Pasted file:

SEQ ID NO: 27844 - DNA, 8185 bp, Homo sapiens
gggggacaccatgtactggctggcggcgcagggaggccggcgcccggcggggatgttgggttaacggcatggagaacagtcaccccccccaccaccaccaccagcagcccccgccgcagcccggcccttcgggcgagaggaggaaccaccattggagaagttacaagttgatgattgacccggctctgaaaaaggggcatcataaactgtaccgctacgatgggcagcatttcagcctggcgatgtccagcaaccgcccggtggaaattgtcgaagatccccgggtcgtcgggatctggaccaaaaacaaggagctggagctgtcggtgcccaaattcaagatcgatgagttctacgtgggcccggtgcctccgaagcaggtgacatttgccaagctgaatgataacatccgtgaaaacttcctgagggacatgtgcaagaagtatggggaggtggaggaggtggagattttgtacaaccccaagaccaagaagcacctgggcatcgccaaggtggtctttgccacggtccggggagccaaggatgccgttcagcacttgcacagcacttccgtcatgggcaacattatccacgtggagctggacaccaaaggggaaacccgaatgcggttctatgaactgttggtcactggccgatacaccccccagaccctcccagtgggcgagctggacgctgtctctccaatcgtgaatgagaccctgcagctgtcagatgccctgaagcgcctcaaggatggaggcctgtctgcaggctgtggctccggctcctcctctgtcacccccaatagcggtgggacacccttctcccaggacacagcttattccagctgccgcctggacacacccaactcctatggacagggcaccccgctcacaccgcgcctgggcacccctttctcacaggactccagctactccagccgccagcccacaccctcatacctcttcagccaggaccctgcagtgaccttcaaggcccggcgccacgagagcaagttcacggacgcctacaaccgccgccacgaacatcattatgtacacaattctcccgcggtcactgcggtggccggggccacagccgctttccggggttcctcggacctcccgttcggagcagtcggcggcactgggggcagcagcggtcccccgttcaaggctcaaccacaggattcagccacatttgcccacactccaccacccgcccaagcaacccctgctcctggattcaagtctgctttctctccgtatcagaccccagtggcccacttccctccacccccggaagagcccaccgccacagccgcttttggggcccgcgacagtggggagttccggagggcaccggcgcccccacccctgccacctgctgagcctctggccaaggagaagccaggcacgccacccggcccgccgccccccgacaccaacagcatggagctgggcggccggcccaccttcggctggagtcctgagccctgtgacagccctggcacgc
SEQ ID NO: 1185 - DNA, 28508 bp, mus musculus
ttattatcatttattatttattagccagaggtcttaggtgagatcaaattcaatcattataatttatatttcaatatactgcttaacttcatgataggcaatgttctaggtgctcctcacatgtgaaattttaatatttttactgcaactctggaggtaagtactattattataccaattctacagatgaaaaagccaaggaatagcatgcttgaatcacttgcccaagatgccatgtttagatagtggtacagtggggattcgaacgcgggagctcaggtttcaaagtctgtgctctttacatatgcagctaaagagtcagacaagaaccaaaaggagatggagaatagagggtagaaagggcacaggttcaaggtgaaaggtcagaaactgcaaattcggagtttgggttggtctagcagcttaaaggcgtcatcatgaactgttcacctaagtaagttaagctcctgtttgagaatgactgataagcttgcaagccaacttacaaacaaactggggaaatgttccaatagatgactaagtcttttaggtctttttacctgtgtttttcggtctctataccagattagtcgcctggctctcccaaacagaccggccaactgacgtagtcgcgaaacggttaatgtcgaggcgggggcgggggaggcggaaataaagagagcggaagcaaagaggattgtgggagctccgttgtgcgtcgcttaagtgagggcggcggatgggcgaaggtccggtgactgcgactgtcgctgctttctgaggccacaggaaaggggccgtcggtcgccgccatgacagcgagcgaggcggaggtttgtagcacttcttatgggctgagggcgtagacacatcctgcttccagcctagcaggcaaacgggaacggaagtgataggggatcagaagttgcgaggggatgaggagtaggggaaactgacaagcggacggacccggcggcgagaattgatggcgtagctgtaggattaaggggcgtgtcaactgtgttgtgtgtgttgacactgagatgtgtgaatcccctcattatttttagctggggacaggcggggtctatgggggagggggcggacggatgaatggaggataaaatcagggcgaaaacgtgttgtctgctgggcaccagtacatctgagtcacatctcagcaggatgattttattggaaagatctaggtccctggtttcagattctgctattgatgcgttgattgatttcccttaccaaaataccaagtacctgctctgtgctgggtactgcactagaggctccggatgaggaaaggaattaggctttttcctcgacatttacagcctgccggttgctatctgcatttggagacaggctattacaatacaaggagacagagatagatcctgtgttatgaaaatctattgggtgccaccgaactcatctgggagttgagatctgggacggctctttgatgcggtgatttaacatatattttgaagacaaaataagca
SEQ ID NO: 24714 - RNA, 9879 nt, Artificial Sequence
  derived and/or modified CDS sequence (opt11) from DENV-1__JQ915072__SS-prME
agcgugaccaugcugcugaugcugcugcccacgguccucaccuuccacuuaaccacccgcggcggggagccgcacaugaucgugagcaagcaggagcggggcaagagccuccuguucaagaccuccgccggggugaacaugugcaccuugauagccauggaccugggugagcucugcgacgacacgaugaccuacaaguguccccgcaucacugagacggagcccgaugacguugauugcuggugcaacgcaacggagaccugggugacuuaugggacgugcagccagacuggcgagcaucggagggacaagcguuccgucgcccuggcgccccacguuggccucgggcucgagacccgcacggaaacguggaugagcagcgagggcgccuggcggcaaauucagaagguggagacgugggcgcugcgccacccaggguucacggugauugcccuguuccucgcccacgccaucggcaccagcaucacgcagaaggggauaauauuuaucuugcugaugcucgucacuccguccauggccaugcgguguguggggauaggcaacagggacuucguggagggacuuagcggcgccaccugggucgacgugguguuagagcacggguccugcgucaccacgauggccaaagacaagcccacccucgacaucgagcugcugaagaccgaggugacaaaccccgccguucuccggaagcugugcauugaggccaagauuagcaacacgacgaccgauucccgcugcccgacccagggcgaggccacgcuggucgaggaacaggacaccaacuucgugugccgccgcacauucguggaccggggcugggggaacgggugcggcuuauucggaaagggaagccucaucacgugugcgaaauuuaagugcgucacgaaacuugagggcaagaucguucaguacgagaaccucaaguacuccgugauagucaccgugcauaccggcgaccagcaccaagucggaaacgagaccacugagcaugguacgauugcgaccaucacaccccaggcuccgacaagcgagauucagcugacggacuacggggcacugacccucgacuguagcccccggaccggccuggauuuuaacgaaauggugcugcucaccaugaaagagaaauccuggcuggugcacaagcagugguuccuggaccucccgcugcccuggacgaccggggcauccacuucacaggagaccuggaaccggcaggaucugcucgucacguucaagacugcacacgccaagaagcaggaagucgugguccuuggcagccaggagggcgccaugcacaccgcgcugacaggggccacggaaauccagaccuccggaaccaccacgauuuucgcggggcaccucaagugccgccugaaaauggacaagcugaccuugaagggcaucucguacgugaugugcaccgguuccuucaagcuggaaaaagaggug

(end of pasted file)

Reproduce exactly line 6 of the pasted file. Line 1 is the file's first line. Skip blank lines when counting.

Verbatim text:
  derived and/or modified CDS sequence (opt11) from DENV-1__JQ915072__SS-prME